Thursday, August 14, 2008

Nebraska Beef Ltd. Expands Most Recent Recall

The Nebraska Beef Ltd. recall of 1.2 million pounds of beef that was announced on August 8 has been increased by a further 200,000 pounds of primal cuts, subprimal cuts and boxed beef. The additional meat was processed on June 24th, one of the three dates mentioned in the August 8th recall notice.

According to the USDA recall announcement, the additional 200,000 pounds of meat have not been linked to any illnesses. Rather,
"FSIS has concluded that the production practices employed by Nebraska Beef, Ltd. on June 24 were insufficient to effectively control E. coli O157:H7. The products subject to the expansion may have been produced under insanitary conditions."
We are meant to believe that this is an "on again, off again" problem of sporadic unsanitary conditions? Come on, FSIS. Pull the other leg – it has bells on!

According to a Reuters story reported by Newsinferno, USDA Secretary Ed Schafer thinks that the US food safety system is peachy-keen. From his perspective, there has been a drop in the number of contaminated products in recent years. "I don't believe," Schafer was quoted as saying, "that, from a USDA standpoint, we need to increase the number of inspectors or change the testing requirements."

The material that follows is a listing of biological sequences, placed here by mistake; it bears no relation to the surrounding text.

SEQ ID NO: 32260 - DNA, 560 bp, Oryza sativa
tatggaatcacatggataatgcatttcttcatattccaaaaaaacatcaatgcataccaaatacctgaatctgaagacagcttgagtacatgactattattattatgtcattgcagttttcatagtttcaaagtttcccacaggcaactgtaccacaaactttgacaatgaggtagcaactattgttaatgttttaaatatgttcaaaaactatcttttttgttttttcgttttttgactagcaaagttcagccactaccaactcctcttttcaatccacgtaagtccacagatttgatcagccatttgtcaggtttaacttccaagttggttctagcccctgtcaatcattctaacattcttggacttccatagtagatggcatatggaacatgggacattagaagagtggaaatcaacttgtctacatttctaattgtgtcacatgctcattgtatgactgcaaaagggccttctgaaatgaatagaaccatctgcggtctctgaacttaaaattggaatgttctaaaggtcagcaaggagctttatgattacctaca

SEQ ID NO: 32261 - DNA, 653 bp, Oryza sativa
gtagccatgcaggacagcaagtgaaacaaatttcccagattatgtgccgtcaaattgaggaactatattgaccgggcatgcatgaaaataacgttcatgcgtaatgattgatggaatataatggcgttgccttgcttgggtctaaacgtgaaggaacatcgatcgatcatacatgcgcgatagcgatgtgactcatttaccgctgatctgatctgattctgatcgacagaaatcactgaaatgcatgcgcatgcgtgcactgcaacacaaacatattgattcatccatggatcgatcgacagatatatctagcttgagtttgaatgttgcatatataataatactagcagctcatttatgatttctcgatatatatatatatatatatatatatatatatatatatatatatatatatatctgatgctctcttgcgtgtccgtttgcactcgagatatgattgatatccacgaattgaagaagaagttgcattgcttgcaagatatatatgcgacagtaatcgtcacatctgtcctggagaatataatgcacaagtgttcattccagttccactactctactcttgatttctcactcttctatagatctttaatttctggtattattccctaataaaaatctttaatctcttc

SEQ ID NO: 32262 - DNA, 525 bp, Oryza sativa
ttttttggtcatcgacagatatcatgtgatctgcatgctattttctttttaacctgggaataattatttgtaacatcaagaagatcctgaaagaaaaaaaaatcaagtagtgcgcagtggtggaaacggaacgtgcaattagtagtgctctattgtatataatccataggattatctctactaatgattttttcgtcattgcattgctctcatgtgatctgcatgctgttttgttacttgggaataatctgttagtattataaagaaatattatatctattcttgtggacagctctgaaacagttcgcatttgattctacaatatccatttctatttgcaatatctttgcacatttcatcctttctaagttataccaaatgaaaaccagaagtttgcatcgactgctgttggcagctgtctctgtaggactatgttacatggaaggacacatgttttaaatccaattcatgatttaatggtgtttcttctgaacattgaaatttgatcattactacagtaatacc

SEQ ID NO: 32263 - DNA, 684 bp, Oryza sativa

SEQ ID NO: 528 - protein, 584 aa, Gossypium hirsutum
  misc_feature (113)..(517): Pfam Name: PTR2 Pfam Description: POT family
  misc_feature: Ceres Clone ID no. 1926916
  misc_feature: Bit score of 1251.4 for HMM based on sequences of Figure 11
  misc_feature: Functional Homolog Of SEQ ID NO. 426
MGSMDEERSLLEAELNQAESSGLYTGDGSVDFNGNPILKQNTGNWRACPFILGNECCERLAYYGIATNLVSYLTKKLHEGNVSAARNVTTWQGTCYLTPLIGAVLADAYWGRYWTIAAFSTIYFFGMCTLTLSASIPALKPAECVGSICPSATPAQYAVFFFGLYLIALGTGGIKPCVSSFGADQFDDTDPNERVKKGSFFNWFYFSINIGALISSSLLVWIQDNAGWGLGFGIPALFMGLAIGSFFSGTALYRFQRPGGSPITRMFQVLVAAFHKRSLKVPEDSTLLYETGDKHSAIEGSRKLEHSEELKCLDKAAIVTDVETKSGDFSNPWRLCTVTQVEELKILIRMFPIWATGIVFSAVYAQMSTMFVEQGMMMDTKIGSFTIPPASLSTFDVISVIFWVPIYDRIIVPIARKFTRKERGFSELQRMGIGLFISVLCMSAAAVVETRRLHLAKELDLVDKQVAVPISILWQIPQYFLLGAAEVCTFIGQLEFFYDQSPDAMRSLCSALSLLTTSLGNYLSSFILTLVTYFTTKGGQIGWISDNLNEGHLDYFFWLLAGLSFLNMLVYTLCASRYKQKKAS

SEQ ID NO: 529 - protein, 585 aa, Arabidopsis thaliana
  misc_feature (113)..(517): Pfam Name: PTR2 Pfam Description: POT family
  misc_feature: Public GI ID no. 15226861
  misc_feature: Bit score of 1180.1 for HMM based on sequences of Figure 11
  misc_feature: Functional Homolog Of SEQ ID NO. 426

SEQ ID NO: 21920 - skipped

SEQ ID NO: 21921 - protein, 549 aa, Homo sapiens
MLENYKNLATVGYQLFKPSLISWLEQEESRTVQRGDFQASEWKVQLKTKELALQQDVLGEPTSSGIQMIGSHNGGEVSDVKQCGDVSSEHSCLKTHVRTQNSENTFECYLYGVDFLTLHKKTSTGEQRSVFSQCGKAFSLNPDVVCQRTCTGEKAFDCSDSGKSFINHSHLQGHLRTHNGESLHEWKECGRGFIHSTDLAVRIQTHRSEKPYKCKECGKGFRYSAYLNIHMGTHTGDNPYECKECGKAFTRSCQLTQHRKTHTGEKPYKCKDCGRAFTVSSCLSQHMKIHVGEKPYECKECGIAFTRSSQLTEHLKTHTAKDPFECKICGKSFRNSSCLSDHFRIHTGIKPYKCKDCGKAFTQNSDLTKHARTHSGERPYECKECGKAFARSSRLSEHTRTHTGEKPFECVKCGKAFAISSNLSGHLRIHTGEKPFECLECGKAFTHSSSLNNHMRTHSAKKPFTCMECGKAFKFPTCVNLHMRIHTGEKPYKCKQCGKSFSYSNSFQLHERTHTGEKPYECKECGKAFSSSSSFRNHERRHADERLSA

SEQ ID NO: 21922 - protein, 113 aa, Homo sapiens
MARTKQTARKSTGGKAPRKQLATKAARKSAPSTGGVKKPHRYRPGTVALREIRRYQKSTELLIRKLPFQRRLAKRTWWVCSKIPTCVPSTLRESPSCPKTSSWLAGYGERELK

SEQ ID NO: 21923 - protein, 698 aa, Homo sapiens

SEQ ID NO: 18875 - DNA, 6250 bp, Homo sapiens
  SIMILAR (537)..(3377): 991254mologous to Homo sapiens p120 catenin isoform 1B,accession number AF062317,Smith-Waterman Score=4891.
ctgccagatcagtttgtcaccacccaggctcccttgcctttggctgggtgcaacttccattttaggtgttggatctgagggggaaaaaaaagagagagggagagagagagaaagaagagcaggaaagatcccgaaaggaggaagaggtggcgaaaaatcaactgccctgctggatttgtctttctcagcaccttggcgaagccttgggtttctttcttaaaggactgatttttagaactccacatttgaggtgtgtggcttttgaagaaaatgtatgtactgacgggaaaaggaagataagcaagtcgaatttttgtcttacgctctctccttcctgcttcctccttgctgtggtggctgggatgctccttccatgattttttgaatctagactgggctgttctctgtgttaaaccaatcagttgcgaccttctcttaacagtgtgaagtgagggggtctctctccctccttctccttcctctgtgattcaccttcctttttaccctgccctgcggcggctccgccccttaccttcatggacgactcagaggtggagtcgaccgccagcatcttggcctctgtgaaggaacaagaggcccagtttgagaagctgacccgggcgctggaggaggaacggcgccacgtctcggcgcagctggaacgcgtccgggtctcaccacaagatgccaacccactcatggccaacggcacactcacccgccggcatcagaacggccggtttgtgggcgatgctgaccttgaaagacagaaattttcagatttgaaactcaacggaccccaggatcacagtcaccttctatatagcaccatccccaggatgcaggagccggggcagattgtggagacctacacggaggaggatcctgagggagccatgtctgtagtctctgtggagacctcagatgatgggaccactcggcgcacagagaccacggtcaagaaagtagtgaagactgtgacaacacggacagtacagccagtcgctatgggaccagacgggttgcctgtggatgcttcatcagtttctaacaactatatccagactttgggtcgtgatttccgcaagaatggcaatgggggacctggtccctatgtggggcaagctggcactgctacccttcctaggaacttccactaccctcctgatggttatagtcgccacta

Secretary Schafer's beliefs notwithstanding, the fumbling and bumbling of USDA in its dealings with Nebraska Beef Ltd. are not doing the international reputation of US beef any good. The government of South Korea, which has been under fire from its citizens for reopening its borders to beef imports from the United States, announced earlier this week that it will be tightening its quarantine requirements for meat from Nebraska Beef Ltd. 

South Korea also has asked USDA to provide details on the August 8 recall, and to elaborate on countermeasures being taken by the agency to prevent E. coli O157:H7 from entering the food chain. Is there a re-closure of the South Korean border in the offing?

Let's hope that the South Korean government will be more successful than US consumers in obtaining satisfactory answers from USDA.

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